Chronic low back pain affects an estimated 70% of adults at some point in their lives, causing lost work time and reducing quality of life. It is believed that sacroiliac joint dysfunction is responsible for persistent low back pain in 10-25% of these cases, and a review of literature by Hansen et al. (2012) found that many current treatment options, both surgical and nonsurgical, do not definitively demonstrate successful pain relief. Surgical fusion is highly invasive, but is a viable option when more conservative treatments do not relieve pain; therefore, there is a need for techniques that will lead to sacroiliac joint fusion while minimizing risk. NuTech Medical, Inc. has developed the SIFix®, a new sacroiliac joint fusion technique that utilizes a machined allograft for a posterior approach. The goal of this research is to investigate whether the SIFix® will reduce motion in the sacroiliac joint immediately following surgery. A reduction in sacroiliac joint motion combined with the osseous bridge provided by the SIFix® is expected to lead to bony growth and eventually joint fusion, alleviating pain from sacroiliac joint dysfunction. A servohydraulic mechanical testing system was used to apply loads to eight cadaver specimens, both before and after the SIFix® was inserted. Measurements were taken first in simulated double-leg stance, then in simulated single-leg stance. Displacements and rotations were calculated as the motion of each ilium relative to the sacrum, as measured with an optical motion tracking system. Difficulties were encountered with the surgical procedure, with six of the sixteen sacroiliac joints tested considered a surgical success. As expected, the greatest magnitude of motion was in nutation/counter-nutation. Though the mean nutation/counter-nutation of the SI joints did decrease, the difference was only significant in peak-to-peak relative motion in single-leg stance, decreasing from 0.23° to 0.16° (p = 0.020). This was the only parameter in which all joints examined showed a decrease from the pre-insertion trial; differences in nutation/counter-nutation were not significant in single-leg total relative motion (p = 0.14), double-leg total relative motion (p = 0.40), or double-leg peak-to-peak relative motion (p = 0.19). Coupled with the small number of viable samples and other potential limitations of the study, it could not be determined if the SIFix® would provide a reduction in sacroiliac motion immediately following surgery. Recommendations for future work are to eliminate potential sources of error in the optical tracking system, including refining the surgical procedure.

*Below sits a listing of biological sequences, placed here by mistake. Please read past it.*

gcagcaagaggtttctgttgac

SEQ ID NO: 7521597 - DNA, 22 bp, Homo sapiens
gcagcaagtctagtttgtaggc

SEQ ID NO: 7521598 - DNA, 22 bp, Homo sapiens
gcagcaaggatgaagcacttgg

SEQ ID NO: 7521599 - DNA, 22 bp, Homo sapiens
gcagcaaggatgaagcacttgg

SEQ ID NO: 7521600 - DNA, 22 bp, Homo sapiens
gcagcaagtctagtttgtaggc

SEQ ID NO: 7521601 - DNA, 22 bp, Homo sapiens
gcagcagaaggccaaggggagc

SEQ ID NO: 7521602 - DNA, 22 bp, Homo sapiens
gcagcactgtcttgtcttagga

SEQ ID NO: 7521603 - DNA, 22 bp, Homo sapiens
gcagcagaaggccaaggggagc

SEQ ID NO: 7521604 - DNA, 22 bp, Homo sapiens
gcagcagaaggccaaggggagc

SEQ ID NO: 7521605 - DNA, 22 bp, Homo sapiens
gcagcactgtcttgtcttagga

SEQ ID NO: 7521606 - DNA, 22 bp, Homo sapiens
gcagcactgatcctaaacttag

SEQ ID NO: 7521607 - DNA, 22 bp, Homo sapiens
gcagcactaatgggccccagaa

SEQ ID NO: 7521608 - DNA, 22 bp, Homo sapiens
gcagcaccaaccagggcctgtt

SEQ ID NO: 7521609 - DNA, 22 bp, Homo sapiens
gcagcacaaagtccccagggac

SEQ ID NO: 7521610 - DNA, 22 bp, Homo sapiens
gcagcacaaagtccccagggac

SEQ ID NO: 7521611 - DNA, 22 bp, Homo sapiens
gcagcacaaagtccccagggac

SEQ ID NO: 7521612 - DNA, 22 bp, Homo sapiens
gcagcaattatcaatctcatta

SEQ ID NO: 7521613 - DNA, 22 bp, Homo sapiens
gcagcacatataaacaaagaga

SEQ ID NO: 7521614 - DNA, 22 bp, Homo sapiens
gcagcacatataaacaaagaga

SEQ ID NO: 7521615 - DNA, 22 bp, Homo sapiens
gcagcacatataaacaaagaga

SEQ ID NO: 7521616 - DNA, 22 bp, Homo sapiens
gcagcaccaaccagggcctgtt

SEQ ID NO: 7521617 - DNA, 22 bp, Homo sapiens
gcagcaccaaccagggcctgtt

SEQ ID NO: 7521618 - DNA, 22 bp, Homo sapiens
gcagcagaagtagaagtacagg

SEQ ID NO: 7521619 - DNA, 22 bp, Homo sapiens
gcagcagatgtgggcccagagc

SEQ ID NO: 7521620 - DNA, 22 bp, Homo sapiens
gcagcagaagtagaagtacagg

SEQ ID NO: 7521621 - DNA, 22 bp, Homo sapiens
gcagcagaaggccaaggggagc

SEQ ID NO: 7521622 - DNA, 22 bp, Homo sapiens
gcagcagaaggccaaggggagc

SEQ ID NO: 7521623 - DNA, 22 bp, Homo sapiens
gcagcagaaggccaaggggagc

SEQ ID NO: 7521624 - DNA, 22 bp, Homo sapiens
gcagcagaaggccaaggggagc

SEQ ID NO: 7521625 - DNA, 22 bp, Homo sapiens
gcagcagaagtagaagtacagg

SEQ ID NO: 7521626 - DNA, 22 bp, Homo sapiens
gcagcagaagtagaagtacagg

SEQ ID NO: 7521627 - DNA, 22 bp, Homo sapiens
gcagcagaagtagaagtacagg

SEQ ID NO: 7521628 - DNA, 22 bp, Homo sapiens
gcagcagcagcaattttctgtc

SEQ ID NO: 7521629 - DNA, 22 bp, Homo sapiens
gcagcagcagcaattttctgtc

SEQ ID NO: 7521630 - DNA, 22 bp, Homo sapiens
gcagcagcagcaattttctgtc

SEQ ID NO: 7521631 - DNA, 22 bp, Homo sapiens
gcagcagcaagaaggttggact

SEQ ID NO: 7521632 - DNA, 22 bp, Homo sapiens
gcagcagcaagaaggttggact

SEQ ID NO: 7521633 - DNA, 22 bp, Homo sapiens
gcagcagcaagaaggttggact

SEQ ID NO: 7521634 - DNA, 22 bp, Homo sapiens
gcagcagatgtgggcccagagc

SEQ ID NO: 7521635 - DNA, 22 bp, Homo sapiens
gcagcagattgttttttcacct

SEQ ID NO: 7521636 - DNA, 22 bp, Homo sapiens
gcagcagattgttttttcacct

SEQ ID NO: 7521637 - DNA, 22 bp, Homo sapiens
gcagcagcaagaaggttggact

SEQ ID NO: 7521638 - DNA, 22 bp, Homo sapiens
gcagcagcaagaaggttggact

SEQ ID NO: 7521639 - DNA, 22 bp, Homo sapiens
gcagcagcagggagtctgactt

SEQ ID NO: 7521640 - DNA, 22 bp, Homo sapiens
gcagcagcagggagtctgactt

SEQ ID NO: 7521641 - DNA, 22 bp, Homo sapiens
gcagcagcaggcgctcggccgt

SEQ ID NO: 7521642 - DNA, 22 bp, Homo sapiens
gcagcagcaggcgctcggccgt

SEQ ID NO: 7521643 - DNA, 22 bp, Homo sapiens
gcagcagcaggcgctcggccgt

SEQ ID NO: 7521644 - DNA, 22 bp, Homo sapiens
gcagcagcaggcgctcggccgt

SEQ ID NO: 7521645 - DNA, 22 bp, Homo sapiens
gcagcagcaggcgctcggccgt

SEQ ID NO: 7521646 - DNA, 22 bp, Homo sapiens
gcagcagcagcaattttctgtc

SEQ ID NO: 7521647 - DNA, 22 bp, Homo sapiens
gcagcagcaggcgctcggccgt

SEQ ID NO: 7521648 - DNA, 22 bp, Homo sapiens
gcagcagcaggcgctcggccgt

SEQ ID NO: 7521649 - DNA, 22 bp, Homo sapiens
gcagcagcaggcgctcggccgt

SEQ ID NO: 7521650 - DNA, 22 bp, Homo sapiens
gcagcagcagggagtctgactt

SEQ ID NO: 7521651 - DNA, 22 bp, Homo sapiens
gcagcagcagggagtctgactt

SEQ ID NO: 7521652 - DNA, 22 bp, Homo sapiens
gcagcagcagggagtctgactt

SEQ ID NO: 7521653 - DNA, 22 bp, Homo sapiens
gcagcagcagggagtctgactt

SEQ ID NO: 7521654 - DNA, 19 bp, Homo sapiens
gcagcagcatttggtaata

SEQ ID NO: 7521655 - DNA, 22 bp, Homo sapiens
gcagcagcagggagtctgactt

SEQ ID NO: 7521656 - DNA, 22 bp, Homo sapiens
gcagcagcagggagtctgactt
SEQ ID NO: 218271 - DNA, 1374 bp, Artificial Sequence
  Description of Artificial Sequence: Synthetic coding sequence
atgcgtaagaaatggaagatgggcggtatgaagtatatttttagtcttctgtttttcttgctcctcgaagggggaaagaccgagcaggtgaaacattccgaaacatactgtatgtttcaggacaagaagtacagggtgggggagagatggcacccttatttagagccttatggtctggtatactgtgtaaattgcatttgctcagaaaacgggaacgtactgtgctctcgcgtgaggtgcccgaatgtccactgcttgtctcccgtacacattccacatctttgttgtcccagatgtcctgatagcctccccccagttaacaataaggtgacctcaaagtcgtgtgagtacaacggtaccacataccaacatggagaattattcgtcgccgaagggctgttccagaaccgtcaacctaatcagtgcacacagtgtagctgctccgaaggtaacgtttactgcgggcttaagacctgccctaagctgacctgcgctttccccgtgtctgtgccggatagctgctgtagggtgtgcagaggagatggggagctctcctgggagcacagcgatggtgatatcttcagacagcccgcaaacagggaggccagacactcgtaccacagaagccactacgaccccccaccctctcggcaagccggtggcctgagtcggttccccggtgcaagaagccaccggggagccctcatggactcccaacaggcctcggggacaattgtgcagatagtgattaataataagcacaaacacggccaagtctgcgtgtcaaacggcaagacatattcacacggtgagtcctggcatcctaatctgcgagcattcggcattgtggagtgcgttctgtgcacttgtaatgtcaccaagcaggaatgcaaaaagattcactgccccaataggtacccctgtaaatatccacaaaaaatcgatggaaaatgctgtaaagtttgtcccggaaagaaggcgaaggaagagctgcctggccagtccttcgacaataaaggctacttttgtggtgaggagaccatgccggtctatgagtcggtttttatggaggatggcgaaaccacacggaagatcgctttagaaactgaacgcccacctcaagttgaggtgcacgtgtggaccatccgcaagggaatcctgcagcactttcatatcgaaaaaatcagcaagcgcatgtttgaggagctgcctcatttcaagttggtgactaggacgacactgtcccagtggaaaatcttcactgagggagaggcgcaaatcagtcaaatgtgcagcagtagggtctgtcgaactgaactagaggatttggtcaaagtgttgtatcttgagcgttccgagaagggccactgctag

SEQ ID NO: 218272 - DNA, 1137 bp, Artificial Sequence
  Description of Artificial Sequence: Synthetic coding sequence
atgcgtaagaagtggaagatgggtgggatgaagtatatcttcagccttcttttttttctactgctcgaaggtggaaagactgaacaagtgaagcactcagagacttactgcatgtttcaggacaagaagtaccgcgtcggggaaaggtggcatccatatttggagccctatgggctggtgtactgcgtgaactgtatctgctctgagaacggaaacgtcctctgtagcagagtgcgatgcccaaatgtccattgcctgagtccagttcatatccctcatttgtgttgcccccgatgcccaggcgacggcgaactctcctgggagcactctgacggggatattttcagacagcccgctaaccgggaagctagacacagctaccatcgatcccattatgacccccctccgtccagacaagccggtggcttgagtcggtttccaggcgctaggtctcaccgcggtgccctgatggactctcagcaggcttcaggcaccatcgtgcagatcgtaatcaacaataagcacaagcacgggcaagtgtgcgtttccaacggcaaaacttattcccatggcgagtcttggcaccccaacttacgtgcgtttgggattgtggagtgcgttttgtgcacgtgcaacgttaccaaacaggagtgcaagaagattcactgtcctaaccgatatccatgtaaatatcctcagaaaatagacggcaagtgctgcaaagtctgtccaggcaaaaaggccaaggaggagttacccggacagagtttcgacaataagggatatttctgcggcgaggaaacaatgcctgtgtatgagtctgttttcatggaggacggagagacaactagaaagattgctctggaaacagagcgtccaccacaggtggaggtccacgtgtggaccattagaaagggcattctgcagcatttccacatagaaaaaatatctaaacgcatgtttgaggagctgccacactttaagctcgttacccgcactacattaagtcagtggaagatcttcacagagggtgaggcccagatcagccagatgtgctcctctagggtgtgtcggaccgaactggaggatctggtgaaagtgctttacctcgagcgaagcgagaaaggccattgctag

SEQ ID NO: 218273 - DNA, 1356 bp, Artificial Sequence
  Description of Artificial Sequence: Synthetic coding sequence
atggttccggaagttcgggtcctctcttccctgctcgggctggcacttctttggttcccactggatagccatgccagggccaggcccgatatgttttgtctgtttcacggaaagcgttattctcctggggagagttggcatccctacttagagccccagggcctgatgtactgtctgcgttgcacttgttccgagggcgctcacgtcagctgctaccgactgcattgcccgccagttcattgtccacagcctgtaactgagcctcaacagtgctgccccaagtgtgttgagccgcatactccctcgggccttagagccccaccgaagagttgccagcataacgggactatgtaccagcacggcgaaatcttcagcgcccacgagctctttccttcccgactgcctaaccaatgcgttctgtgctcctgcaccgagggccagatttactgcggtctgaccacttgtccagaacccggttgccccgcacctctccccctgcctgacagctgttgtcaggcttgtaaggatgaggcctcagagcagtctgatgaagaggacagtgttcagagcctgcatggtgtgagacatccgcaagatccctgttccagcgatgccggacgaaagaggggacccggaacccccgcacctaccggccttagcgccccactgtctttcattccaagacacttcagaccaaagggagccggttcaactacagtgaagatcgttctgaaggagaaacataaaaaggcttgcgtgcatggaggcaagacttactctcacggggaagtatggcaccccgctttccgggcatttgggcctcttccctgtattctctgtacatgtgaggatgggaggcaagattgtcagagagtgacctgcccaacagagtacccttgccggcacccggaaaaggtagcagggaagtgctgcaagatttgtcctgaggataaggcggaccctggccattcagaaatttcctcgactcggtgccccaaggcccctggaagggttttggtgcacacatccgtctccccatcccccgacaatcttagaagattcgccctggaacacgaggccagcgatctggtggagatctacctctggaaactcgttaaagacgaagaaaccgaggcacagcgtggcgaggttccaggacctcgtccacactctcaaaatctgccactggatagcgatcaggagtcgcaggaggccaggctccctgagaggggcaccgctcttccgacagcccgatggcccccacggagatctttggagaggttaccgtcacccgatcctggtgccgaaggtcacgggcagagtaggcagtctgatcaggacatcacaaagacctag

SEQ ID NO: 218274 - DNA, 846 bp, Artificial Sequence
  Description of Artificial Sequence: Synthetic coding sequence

|Commitee:||Feldman, Dale, Lemons, Jack|
|School:||The University of Alabama at Birmingham|
|School Location:||United States -- Alabama|
|Source:||MAI 56/04M(E), Masters Abstracts International|
|Keywords:||Allograft, Biomechanics, Joint fusion, Sacroiliac joint|
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